Johnson & Johnson Reputation Tarnished by Recalls

By Linda Dailey Paulson

Consumer product megalith Johnson & Johnson has a 125-year reputation as a leader in the healthcare industry, bolstered by keystone brands that have become household names such as Band-Aid bandages and “No More Tears” Baby Shampoo. That reputation has been eroded by a string of product recalls and continued scrutiny by federal agencies, including Congress. It has prompted the company to restructure and examine its manufacturing operations.

Since 2010, Johnson & Johnson has issued more than 50 voluntary product recalls, one of the latest of which is for the DePuy replacement hip. Recalls have covered items found in most American medicine cabinets: Tylenol, St. Joseph Aspirin, Benadryl, Zyrtec, and Rolaids. In the year that ended March 8, 2011, the company ”was involved in at least 11 major recalls, as defined by the FDA,” according to a Bloomberg report. This is twice as many as its competitors Pfizer and Procter & Gamble.
Reporters David Voreacos, Alex Nussbaum, and Greg Farrell writing in BusinessWeek say the problems are not new and perhaps endemic of systemic manufacturing problems, particularly shoddy quality control at its factories in the United States. The reporting team writes:

Over the last 15 months, the company has also recalled contact lenses, syringes filled with prescription medications, hernia devices, and other products made by subsidiaries around the world.  … [I]ts own annual report for 2010 contains eight pages detailing government criminal and civil investigations and thousands of private lawsuits covering a wide range of drugs, devices, and business practices.

The company’s McNeil Consumer Healthcare division alone has recalled more than a dozen products since late 2009, the latest of which covered Tylenol, Sudafed, and Benadryl. These product recalls reportedly cost the company US$900 million in sales last year and prompted Congressional hearings. Through McNeil, Johnson & Johnson sells its popular cold, pain, and allergy medicines including Tylenol, Benadryl, Motrin, and Zyrtec.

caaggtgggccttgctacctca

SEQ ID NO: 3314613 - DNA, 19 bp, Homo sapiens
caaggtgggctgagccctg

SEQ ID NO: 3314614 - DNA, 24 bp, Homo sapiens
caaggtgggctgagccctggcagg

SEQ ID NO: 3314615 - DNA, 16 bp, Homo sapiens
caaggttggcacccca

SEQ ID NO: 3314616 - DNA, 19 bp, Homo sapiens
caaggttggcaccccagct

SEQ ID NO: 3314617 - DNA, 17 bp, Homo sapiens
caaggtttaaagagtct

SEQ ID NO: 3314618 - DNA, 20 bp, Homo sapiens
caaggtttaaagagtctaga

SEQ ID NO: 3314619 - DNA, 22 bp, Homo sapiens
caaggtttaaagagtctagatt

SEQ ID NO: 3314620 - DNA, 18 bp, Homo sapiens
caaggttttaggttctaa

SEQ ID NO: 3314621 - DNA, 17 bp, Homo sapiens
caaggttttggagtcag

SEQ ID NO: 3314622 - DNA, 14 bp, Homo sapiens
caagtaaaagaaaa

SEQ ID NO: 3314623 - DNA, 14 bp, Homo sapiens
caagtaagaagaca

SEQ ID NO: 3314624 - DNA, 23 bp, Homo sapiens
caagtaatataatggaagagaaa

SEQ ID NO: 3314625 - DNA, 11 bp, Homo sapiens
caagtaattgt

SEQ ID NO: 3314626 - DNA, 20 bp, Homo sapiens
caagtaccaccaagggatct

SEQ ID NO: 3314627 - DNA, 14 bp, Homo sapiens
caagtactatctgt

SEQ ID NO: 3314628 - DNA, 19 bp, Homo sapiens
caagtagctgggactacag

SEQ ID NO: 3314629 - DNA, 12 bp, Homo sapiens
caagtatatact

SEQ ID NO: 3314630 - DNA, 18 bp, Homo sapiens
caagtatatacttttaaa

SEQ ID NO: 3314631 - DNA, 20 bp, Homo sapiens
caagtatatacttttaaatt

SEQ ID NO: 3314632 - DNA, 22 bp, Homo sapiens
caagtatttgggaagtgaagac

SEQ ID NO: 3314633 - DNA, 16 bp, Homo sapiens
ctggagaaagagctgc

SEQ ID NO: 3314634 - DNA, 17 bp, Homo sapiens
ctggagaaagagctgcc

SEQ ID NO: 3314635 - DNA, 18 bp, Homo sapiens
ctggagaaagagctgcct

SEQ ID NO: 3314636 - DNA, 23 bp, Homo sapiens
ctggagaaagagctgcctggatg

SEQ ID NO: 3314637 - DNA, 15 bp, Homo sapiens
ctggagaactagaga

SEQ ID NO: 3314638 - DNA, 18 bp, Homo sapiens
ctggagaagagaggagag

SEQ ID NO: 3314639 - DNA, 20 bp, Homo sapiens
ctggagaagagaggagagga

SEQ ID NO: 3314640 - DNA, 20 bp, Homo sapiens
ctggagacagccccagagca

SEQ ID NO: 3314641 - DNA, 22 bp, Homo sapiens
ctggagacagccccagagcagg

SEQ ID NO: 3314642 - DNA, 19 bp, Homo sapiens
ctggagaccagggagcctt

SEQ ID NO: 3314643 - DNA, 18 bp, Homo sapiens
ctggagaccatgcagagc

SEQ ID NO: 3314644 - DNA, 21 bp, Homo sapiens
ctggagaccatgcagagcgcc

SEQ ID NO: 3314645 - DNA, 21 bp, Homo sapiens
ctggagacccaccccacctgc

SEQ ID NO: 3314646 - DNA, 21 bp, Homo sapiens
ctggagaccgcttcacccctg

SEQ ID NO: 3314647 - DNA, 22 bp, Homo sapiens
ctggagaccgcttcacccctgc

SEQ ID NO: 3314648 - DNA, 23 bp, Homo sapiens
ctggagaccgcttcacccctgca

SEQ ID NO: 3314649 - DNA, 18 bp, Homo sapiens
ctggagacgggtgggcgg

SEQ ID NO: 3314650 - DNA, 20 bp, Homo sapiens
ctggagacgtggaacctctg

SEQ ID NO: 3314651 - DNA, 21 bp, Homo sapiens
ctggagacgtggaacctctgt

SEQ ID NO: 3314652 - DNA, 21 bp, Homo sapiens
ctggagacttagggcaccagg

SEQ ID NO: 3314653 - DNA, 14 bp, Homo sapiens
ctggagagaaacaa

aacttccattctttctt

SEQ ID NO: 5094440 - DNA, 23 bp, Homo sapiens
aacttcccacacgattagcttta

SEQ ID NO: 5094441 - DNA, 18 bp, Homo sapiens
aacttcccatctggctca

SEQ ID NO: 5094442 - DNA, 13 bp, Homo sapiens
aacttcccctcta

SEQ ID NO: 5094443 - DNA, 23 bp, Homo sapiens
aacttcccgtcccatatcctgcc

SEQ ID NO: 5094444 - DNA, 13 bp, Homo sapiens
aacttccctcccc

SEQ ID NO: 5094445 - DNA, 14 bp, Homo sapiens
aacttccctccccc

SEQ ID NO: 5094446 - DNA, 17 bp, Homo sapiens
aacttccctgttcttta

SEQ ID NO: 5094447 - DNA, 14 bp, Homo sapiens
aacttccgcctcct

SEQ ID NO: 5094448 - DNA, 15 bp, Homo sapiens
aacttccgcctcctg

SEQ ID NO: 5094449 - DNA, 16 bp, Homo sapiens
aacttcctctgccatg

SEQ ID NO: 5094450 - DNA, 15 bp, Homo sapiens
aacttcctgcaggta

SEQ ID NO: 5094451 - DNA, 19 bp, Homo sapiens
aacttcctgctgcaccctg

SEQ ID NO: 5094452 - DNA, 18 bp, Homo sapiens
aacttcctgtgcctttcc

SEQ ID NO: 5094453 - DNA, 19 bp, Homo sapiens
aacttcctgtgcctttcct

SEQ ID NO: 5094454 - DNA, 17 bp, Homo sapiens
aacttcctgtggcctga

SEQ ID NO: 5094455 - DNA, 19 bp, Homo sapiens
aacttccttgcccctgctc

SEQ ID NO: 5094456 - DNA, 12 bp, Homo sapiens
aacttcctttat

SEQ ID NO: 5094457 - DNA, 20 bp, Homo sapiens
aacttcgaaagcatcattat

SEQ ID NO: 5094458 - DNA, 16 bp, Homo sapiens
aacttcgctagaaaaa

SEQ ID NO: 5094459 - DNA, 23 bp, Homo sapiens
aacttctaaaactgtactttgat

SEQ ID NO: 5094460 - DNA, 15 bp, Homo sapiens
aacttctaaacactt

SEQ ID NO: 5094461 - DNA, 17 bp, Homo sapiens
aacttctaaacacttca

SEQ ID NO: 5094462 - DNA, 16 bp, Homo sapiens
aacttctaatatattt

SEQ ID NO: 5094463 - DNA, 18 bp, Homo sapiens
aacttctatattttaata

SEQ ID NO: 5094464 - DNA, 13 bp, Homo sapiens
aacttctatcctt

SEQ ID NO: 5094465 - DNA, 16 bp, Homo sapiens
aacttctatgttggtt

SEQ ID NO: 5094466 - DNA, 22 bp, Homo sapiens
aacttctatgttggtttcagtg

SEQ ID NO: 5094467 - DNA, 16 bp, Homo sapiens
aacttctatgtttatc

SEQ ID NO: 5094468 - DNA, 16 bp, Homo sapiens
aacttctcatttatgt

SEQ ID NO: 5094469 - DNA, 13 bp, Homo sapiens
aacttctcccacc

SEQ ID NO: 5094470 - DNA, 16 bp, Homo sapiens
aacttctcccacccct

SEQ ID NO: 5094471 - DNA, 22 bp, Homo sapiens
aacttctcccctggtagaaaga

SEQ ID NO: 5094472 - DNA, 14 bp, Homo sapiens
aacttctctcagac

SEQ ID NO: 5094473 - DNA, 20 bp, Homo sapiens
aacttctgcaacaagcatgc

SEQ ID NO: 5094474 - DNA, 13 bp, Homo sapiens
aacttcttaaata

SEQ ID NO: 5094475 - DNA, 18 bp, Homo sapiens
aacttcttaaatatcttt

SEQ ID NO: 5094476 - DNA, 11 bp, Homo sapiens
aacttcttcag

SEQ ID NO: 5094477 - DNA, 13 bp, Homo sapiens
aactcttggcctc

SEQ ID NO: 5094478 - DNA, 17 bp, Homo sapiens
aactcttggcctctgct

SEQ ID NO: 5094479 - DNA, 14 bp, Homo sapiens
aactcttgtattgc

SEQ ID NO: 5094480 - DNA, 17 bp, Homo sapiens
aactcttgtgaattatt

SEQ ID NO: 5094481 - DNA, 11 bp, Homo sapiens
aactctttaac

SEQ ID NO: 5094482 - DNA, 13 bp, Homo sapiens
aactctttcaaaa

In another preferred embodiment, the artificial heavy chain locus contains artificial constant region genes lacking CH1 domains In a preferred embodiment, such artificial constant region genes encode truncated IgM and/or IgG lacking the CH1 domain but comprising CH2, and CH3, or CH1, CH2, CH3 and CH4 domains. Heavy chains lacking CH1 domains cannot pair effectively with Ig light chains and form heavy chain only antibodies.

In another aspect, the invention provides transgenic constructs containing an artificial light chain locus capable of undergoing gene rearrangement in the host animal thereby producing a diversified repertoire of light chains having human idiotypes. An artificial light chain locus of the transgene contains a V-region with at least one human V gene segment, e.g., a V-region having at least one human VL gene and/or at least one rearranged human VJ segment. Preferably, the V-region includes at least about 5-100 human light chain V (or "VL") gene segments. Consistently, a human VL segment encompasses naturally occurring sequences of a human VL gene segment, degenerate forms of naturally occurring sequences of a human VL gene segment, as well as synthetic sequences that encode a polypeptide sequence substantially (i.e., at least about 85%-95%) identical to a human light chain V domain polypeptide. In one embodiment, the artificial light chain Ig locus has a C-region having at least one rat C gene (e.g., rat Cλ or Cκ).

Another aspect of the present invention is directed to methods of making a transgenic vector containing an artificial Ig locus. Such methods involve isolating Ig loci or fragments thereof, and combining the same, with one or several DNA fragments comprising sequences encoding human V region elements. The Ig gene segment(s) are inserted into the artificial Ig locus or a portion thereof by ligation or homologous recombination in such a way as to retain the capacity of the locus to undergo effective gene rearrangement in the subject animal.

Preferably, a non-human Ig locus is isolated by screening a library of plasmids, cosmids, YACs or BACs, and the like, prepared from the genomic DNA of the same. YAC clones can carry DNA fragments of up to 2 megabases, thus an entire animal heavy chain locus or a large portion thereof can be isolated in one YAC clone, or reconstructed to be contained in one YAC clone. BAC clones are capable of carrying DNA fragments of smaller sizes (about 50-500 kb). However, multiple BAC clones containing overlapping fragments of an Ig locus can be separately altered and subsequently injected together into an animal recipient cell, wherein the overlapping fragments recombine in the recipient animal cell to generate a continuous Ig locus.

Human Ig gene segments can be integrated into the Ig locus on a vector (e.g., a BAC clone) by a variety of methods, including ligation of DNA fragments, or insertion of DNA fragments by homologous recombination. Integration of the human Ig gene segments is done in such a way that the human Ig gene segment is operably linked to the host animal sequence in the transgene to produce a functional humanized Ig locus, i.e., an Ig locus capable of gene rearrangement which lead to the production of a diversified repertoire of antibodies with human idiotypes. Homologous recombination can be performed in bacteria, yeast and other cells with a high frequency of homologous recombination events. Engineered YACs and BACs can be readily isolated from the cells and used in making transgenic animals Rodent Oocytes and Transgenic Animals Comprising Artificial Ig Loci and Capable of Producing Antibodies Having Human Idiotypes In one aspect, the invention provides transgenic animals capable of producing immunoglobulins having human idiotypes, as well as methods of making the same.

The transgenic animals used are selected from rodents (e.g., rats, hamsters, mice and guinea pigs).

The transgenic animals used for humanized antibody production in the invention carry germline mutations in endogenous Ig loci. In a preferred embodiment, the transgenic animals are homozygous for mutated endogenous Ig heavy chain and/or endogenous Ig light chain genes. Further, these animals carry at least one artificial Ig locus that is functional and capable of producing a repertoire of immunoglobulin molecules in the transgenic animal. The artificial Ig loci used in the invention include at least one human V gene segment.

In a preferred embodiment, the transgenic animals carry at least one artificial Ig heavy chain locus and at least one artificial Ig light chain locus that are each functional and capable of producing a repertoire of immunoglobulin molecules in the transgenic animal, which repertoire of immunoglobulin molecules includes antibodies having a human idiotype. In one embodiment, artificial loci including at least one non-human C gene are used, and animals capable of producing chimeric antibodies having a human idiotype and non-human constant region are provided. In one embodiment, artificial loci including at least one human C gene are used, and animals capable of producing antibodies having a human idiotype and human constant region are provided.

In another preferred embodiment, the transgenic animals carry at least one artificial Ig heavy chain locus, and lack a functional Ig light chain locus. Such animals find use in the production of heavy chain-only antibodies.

Operations at three McNeil Consumer Healthcare plants in the U.S. are being overseen for five years by the Food and Drug Administration (FDA) after a March 10 consent degree; it faces US$10M annually in agency fines. One of these factories remains shuttered until the FDA deems it meets regulatory standards.

Johnson & Johnson announced in late March it would be reorganizing McNeil effective April 4. The unit will be led by Patrick Mutchler, who has been with Johnson & Johnson for 35 years, primarily working its consumer products businesses. Jonathan D. Rockoff of The Wall Street Journal reports that Jesse Wu, an executive responsible for the company’s consumer businesses, told employees that he decided to make McNeil a separate company ”‘in order to give focused attention to quality and compliance, and the critical task of restoring’ the reputation of its products…Keeping McNeil separate signals the company wants to focus on its operations and on fixing its problems.”

Image by Ragesoss, used under its Creative Commons license.

About

Linda Dailey Paulson is a veteran freelance writer and editor. She covers product safety issues for USRCN.

There are 3 comments. Add yours.

  1. Betsy Carlson

    To Mr. Quinlan and Mr. Williamson, You two really have your heads in the sand. I was employed during this conspiracy at McNeil. The management team knew exactly what was happening at this facility. The employees spoke up, but we were crucified for doing so!!! For the last 20 years they sucked every dime out of this company and lined their own damn pockets. And now you two have nothing but sympathy for these cowards. You should be ashamed of yourselves. The white collar sector is ruining this country, and I refuse to let you two idiots sweep this under the rug. There is no excuse for J&J. Who’s shirt tails are you hanging from? In this case management should be held responsible for their actions, after all they made all the asinine decisions. The code of silence you two idiots fall under needs to be addressed, nothing more. Shut up and do the right thing.

    Reply
  2. ED QUINLAN

    they will get the problem fixed. meanwhile I will just wait rather than switch.
    remember this is an american company and that is the reason to buy their product.

    Reply
  3. Tom Williamson

    They’ve done a wonderful job over the years. Lets not crucify them for
    problems they’re facing now. I feel very confident that they will make it right.
    There have been several companies from automobiles to drugs, hips, knees
    and food. We’re only human.

    Reply

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